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CareerHacker Data Analyst Mentorship Founder Chris Shupe Answers Our Career Questions

Chris Shupe is a 33 year old YouTuber, author, career coach, and founder of the CareerHacker Data Analyst Mentorship program. His mission is to help people who are dissatisfied with their careers to secure jobs with more freedom, better salaries, and more fulfillment. In his Data Analyst program, he works directly with clients to learn the skills they need to become data analysts, some clever strategies for proving their skills to employers, and ultimately how to get hired in their first data analyst job as fast as possible. As the program has grown, Chris says he hears many people asking the same questions. I decided to have him answer the most common questions–as well as a few of my own.

Does your program have a guarantee?

Chris Shupe: Yes we do, but our guarantee is a little different than what most other programs offer. It’s common in this industry to see guarantees of “you don’t pay anything until after you have a job”. Which SOUNDS great, but in reality it’s very misleading. What these companies are doing is having their clients take out a loan from a separate finance company to pay for the program fee. The person doesn’t have to start paying back the loan for six months, which is hypothetically enough time to go through the program and get a job. And if the person DOESN’T get a job, they can apply to get their fee refunded. The only problem is, they have so many “qualifications” and “eligibility requirements” in the fine print that actually getting a refund is near impossible.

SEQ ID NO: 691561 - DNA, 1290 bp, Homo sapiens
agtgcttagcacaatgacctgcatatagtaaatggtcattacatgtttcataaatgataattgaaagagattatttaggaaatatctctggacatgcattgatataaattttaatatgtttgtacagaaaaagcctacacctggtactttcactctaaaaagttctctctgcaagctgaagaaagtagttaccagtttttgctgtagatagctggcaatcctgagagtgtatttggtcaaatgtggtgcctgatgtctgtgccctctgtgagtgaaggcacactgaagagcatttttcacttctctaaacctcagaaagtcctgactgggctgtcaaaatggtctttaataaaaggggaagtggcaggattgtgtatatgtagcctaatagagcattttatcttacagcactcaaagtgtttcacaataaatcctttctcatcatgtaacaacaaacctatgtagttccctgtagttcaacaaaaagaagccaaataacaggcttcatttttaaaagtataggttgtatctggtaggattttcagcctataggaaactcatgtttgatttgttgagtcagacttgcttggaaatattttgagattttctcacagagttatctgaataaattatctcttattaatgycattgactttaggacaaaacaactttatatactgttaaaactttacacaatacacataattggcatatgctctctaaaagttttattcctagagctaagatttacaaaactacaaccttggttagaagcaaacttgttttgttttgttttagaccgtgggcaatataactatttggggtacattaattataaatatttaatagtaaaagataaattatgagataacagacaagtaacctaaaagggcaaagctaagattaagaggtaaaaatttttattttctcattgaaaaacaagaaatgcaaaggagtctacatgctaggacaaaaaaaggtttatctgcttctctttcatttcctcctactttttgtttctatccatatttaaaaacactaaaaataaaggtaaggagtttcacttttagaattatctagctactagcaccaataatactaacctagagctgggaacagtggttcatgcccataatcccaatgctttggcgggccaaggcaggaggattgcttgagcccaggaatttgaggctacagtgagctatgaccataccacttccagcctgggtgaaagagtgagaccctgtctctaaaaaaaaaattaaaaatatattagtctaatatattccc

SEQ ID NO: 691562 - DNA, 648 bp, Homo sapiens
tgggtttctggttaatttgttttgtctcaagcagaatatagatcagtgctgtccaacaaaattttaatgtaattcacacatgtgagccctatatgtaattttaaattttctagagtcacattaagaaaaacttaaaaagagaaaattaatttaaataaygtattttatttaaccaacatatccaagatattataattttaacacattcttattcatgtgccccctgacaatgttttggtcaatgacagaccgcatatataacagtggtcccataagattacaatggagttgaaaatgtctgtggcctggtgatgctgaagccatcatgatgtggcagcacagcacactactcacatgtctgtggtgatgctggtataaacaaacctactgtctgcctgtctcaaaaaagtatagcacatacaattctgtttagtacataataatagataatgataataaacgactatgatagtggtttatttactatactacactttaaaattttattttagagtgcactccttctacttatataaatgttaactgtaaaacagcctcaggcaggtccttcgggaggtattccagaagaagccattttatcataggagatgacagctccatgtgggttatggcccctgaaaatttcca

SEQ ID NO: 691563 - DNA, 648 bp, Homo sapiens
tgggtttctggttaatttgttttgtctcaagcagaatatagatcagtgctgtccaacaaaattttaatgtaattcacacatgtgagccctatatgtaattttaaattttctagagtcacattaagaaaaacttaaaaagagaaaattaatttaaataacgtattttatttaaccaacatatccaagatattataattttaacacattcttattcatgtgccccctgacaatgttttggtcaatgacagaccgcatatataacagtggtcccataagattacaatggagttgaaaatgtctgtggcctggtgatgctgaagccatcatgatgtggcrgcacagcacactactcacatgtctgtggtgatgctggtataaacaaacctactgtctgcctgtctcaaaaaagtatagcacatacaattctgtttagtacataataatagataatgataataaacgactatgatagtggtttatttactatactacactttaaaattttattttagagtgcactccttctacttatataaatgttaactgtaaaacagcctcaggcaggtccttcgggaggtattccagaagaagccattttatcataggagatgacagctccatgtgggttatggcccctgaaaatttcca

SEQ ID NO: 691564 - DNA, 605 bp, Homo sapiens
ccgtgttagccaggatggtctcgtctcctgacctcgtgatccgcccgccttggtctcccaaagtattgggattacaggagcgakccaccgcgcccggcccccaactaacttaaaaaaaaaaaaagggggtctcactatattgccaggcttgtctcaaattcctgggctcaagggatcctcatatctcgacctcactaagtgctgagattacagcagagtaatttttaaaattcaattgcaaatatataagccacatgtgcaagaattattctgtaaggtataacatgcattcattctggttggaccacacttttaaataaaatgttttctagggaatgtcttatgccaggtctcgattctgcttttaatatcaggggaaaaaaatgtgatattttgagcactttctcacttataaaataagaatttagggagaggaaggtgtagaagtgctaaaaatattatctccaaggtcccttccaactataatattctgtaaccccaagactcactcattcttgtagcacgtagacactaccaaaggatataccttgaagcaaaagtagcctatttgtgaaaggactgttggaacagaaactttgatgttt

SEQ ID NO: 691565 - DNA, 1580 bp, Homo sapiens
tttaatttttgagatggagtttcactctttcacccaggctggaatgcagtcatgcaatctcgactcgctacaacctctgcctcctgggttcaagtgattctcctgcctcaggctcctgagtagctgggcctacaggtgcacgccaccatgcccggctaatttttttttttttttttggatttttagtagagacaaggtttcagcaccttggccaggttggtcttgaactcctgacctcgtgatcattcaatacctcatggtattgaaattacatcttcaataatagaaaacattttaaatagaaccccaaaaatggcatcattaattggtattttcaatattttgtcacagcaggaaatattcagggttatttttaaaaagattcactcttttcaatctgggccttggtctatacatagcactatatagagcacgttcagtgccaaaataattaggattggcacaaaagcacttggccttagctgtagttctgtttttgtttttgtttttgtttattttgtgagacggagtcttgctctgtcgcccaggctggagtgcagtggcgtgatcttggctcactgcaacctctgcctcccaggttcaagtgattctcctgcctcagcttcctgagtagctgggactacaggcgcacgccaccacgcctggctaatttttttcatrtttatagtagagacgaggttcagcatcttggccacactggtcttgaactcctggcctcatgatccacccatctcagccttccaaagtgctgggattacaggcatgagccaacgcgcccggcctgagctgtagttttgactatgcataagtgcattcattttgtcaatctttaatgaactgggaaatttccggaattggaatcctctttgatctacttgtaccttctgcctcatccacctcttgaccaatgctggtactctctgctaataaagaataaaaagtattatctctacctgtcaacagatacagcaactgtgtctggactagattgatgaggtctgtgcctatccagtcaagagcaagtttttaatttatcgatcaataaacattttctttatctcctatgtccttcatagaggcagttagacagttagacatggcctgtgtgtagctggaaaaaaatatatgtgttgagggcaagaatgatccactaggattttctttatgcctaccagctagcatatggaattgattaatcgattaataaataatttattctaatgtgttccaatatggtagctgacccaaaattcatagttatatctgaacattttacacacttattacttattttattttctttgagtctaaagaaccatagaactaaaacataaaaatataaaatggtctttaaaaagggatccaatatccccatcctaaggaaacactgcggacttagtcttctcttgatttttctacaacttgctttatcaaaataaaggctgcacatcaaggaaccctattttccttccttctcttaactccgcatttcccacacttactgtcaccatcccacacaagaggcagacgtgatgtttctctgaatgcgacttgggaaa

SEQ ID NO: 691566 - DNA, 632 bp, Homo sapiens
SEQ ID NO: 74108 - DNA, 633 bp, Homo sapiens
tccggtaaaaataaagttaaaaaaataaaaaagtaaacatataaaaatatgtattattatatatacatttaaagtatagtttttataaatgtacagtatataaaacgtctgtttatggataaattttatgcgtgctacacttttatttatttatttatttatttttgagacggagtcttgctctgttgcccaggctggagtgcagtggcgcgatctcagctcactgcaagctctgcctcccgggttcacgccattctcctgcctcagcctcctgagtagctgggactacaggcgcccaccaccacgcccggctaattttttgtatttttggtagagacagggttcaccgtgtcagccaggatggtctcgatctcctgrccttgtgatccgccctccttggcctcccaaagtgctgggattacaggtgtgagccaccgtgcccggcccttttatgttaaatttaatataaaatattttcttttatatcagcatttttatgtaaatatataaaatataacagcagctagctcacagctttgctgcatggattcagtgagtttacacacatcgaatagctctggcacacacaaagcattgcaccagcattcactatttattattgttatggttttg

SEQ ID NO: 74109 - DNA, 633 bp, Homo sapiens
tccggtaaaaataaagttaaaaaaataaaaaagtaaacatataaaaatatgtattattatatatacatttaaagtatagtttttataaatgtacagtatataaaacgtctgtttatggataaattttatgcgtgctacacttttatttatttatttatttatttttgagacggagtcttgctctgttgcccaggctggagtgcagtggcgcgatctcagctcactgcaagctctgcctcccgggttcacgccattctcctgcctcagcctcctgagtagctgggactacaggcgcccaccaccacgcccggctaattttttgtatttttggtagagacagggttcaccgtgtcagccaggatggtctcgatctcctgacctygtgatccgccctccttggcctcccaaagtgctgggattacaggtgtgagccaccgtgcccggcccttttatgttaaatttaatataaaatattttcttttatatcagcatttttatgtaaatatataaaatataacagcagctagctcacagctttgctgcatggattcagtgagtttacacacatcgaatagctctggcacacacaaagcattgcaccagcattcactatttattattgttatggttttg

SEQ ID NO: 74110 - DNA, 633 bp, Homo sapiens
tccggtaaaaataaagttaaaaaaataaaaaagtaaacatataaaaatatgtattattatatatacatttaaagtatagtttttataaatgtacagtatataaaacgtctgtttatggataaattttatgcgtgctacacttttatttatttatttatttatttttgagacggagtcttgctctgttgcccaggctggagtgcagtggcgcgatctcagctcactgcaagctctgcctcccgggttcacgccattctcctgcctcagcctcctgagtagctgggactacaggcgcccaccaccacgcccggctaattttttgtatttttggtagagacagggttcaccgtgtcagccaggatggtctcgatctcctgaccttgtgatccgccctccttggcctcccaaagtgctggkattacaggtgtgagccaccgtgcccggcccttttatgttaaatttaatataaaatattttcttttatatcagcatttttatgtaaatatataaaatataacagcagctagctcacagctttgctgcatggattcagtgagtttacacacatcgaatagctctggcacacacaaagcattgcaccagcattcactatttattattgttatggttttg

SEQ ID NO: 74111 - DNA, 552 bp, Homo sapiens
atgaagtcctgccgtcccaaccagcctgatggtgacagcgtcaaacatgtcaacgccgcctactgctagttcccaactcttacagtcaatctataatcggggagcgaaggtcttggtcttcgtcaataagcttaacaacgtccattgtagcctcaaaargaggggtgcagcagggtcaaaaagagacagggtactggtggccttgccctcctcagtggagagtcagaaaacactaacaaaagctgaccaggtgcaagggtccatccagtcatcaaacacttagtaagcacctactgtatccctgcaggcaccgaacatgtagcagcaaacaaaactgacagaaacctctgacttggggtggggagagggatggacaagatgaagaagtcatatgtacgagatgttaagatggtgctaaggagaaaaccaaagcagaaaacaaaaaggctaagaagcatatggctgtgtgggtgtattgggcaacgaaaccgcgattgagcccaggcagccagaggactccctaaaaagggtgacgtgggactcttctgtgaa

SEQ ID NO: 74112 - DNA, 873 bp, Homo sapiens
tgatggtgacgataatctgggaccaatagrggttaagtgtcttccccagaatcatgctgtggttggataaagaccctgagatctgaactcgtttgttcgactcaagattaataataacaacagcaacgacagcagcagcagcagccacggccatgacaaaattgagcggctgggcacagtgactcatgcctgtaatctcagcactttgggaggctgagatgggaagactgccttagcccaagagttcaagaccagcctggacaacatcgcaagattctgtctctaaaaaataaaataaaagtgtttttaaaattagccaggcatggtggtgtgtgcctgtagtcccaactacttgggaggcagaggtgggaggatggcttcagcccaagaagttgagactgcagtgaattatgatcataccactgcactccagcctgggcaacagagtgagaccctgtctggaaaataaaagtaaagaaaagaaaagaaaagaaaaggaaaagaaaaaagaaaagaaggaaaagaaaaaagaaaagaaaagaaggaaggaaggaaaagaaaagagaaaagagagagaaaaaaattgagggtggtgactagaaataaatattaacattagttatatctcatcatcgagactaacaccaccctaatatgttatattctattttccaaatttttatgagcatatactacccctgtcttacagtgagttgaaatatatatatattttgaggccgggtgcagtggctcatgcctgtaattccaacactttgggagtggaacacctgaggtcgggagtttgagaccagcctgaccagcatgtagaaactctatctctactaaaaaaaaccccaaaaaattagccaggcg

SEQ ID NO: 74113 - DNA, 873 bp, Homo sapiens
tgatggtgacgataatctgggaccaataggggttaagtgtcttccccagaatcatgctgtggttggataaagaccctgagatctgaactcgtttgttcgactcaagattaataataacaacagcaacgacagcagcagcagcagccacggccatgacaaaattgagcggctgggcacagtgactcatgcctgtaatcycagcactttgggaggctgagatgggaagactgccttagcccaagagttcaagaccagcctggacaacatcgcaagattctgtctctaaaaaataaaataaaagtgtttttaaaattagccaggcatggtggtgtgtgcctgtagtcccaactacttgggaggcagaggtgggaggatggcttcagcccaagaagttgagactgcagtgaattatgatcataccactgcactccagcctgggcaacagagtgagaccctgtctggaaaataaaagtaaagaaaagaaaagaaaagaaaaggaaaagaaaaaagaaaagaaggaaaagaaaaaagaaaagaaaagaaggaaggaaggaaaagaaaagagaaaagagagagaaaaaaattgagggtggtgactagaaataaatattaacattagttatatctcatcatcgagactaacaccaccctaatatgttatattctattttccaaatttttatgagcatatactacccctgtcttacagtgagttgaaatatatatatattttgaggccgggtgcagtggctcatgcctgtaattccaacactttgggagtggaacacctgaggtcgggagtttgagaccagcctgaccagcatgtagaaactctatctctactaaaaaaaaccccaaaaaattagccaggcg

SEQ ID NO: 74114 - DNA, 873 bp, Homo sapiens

We think this is dishonest and unhelpful, so we don’t offer that sort of guarantee. Instead, our guarantee is that we will continue working with you until get hired at your first data analyst job, as long as it takes, at no extra charge. We don’t direct our guarantee to people who are thinking “what if it doesn’t work?” before they even get started. In my experience, people who think that way are already setting themselves up for failure, and those are not the sort of people we’re interested in working with. Instead, we look for people who believe they are going to be successful, and are committed to doing whatever it takes to make it happen. Those are the kind of people who get results. And as their partner, we make the same commitment. We will do whatever it takes to get them across the finish line.

Do I need to be good at mathematics, given I’d be working with numbers?